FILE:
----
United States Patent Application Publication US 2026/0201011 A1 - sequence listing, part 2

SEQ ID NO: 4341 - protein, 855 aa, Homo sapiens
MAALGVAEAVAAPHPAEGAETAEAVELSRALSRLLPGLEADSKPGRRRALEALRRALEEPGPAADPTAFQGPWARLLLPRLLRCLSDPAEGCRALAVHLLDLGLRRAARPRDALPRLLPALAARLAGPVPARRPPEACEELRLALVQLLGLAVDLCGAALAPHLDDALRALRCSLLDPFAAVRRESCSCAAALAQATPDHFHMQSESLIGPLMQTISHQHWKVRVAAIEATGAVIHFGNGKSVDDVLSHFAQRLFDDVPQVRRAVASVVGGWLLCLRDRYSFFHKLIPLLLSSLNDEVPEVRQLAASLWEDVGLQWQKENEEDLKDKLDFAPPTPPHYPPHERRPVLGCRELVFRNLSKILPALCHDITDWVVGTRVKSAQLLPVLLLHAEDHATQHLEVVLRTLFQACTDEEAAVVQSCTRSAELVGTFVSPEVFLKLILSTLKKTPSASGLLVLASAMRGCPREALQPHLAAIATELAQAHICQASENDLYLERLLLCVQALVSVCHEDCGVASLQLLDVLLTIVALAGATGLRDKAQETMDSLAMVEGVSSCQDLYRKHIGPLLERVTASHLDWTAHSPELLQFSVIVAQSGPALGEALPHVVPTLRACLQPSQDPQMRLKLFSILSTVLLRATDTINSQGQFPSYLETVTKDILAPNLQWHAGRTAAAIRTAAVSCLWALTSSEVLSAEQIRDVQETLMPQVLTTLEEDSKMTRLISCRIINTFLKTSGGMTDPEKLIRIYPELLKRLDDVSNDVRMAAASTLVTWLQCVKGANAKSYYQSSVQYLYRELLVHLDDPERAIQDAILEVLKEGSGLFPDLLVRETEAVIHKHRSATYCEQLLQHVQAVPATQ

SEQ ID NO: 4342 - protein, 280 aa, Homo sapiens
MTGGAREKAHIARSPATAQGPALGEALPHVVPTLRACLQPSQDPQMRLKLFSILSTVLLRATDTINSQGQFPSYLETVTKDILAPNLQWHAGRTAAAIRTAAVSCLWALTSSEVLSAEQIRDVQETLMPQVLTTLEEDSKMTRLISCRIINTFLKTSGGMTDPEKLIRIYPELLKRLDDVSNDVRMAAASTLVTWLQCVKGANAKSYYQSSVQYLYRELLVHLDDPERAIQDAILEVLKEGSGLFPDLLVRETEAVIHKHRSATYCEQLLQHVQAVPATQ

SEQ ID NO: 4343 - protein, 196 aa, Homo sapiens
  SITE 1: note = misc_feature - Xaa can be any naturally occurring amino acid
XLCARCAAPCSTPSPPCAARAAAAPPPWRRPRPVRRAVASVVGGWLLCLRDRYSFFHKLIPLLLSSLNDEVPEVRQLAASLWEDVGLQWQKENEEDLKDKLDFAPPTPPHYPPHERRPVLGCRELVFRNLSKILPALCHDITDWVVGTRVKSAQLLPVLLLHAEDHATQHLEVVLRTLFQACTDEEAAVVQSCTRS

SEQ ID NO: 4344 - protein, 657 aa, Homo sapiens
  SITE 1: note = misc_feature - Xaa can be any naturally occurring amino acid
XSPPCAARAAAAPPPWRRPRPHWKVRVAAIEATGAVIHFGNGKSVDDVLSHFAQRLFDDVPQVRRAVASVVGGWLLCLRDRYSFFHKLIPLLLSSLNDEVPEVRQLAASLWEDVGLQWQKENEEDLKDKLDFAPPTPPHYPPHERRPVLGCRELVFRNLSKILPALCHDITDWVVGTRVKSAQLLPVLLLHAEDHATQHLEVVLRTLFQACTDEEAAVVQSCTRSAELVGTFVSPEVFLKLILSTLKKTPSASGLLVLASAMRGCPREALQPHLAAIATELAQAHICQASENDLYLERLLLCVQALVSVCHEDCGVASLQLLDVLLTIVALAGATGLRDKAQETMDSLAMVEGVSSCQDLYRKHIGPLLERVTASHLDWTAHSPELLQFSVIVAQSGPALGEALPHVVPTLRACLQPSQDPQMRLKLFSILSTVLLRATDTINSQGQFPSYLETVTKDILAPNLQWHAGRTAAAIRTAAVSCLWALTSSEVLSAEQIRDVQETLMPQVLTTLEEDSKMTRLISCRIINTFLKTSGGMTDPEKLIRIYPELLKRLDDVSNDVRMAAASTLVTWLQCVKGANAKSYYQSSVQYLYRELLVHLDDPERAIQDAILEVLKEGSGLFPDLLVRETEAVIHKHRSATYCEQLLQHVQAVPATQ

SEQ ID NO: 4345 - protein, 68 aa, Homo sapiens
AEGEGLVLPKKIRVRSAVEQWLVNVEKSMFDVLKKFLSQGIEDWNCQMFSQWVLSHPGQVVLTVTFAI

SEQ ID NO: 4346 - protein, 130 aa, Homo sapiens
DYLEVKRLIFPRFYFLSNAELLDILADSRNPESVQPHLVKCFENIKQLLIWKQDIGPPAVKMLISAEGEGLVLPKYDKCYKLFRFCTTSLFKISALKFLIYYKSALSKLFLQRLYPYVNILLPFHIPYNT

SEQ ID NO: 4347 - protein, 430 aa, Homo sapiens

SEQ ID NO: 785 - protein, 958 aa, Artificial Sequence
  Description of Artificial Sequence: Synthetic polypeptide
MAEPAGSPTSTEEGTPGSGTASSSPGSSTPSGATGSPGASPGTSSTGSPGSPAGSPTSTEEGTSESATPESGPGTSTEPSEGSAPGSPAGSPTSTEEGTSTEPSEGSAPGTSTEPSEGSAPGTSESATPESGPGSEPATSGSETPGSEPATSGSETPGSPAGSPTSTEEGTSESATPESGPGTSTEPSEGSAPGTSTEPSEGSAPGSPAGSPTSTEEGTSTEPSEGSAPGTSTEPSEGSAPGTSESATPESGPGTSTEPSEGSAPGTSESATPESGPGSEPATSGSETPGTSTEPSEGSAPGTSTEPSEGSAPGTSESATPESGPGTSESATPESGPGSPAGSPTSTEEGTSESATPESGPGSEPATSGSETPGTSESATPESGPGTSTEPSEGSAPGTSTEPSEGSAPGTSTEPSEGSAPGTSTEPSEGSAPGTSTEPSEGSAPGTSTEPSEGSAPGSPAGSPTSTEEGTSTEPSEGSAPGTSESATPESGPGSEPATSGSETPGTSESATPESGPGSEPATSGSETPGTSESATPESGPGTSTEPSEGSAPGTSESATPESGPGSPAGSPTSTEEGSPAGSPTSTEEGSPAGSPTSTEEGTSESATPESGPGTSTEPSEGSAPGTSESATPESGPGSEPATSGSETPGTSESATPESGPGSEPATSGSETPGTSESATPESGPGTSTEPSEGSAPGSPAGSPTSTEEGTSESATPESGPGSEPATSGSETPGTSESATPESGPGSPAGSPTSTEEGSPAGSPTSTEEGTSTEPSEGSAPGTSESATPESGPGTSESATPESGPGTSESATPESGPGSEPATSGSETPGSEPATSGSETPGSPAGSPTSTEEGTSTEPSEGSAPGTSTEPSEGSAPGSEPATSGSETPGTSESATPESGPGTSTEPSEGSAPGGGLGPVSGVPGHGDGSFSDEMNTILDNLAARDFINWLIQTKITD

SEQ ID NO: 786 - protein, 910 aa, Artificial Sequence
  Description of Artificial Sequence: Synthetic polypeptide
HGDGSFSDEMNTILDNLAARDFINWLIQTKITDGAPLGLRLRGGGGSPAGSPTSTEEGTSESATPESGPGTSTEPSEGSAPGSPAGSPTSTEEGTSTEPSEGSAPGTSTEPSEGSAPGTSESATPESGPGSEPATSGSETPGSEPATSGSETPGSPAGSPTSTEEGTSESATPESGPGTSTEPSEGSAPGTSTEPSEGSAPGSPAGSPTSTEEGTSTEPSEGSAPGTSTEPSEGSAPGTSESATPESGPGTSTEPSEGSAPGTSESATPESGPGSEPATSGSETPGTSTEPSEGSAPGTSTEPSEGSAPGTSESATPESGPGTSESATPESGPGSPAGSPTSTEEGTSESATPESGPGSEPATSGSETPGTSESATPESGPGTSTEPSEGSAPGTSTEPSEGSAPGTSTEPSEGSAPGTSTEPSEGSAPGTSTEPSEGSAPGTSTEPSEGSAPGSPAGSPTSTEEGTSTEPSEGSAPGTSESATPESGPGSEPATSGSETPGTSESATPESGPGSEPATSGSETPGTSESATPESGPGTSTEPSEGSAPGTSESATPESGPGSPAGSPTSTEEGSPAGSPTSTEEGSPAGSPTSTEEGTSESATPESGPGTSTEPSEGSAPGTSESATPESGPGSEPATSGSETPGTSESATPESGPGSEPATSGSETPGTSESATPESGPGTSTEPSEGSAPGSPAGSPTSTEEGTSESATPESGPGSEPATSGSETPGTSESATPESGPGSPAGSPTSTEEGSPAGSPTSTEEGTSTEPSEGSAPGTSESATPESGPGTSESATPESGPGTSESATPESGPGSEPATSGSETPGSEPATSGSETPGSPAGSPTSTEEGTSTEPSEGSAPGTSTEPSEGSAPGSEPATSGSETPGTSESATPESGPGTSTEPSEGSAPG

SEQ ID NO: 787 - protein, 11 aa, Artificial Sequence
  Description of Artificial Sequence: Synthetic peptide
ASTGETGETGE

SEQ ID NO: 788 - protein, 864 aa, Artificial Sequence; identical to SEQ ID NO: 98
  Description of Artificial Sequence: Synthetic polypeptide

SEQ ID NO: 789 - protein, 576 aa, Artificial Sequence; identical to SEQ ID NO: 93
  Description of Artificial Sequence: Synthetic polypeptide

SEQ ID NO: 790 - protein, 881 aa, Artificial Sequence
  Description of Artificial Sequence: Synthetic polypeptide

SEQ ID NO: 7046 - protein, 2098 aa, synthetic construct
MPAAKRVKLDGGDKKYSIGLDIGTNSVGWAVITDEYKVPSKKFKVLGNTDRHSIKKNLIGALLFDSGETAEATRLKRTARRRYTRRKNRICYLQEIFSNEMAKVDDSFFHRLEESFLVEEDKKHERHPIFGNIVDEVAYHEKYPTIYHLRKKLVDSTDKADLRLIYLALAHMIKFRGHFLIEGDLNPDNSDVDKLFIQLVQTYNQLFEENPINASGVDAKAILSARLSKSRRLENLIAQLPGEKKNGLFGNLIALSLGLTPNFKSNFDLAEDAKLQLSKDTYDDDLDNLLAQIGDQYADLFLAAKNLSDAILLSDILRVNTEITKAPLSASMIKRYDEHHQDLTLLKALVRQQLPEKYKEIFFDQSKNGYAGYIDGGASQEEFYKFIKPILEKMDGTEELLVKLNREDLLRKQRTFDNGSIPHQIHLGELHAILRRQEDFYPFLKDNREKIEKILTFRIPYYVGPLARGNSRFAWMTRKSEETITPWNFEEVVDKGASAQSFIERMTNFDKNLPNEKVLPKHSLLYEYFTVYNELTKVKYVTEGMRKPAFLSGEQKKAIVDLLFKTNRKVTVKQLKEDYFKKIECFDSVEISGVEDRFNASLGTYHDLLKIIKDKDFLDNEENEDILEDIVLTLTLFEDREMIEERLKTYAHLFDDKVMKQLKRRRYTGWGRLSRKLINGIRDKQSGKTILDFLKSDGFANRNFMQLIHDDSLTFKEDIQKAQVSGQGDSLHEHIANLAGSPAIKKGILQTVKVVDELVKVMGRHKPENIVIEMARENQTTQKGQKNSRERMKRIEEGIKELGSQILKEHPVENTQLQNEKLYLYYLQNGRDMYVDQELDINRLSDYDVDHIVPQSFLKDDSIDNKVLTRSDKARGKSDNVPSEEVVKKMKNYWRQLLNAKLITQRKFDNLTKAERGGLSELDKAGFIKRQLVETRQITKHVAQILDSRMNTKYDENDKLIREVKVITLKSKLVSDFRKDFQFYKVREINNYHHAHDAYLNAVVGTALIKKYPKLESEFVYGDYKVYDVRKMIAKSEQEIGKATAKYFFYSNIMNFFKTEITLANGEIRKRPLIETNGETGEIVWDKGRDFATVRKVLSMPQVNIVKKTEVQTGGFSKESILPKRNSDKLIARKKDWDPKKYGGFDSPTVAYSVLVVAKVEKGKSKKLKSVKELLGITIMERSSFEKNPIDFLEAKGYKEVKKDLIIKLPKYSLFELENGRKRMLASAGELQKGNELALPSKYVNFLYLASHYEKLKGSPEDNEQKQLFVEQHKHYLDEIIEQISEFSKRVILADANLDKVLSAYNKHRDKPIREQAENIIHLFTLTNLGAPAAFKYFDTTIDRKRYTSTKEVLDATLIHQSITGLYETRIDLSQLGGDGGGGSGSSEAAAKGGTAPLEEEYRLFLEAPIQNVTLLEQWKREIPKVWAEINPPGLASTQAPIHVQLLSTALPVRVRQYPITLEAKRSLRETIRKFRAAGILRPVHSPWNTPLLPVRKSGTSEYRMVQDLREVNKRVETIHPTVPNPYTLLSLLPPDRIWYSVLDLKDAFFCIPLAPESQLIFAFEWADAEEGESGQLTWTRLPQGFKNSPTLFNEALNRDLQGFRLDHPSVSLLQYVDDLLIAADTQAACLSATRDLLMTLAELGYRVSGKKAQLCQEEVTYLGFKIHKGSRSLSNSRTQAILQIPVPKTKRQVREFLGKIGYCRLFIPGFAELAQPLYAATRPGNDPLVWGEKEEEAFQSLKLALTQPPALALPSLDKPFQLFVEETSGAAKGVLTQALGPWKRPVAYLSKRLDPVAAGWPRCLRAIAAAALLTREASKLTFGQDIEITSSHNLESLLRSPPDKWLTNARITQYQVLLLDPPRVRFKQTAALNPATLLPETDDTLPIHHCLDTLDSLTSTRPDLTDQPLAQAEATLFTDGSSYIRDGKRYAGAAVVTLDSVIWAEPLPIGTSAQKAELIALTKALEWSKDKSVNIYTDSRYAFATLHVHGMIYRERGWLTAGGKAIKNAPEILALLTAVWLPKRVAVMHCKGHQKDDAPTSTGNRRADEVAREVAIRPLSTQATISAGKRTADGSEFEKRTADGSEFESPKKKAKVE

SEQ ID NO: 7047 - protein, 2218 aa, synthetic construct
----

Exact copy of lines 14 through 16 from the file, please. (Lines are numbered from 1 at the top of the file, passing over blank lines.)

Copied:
SEQ ID NO: 4346 - protein, 130 aa, Homo sapiens
DYLEVKRLIFPRFYFLSNAELLDILADSRNPESVQPHLVKCFENIKQLLIWKQDIGPPAVKMLISAEGEGLVLPKYDKCYKLFRFCTTSLFKISALKFLIYYKSALSKLFLQRLYPYVNILLPFHIPYNT

SEQ ID NO: 4347 - protein, 430 aa, Homo sapiens